Restaurant Opportunities Centers of Seattle;
With 40 percent of the Washington restaurant workforce composed of workers of color, restaurant professions could provide real pathways to living-wage professions for Black, Latinx, Asian, and Indigenous workers.3 However, the current structure of the industry denies living-wage opportunities to a large percentage of this diverse workforce. In order to determine the role of passive or implicit, and active discrimination in hiring practices in Seattle's restaurant industry, the Restaurant Opportunities Centers (ROC) United has partnered with the Seattle Office for Civil Rights to examine restaurant hiring practices and the experiences of workers of color. Utilizing census data to analyze segregation patterns within the industry, matched pair audit tests of job seekers, and interviews and focus groups with restaurant workers, we examined patterns of discrimination in the industry in order to craft proposals to support and encourage the adoption of racial equity practices by employers and the industry at large.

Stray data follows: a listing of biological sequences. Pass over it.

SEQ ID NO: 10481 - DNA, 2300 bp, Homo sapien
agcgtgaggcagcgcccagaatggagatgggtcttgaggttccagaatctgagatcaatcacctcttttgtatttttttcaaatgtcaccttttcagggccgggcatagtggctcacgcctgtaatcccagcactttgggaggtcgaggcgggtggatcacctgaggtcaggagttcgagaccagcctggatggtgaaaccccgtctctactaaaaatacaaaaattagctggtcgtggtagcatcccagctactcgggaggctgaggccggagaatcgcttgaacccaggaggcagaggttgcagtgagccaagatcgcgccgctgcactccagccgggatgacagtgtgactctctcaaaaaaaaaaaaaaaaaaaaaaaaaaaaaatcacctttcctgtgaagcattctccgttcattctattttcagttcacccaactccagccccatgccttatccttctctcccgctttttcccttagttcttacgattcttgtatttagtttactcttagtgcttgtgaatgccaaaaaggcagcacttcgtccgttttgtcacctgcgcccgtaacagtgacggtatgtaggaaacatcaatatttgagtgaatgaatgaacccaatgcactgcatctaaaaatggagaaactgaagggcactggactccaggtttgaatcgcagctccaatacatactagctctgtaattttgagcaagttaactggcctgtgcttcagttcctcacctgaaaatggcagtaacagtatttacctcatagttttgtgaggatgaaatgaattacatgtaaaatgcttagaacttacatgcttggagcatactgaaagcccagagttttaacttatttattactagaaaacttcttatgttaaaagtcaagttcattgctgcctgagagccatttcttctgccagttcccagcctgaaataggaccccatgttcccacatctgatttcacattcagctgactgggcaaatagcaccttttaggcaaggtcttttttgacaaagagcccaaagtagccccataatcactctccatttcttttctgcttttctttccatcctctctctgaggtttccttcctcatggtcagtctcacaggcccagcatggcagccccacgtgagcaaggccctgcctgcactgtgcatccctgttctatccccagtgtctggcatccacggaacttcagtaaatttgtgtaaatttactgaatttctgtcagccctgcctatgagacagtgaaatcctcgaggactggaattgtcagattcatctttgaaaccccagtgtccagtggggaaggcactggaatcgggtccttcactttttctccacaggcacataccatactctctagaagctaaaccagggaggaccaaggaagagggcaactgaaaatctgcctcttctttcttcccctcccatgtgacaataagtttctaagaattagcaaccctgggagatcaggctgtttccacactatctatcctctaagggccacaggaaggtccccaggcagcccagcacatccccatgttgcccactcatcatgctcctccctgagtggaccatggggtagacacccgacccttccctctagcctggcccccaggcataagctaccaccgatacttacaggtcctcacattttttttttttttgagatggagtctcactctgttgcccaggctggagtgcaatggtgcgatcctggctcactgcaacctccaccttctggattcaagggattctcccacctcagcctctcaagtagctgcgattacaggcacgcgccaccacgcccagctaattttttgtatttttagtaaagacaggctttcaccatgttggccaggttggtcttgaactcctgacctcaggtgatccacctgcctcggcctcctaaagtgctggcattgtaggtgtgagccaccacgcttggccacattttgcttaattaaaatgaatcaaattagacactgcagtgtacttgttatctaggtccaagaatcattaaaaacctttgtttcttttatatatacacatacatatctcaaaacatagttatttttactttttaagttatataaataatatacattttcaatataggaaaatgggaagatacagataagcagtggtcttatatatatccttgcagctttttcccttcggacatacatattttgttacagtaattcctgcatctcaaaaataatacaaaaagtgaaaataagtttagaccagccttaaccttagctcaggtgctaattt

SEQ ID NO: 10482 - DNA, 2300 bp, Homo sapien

National Center for Healthy Housing, Inc.;
In 2015, the Washington State Legislature passed House Bill 1720 (HB 1720), which expanded the purpose of theMatchmaker Low-Income Residential Weatherization Program to include healthy housing improvements. The Enhanced Wx+H pilot represented a new approach to leveraging state and local resources and support to expand measures and services available through Low Income Weatherization. One long-term objective was to develop integrated service models eligible for reimbursement from Medicaid or other sources that engaged medical and public health services.
Kaiser Family Foundation;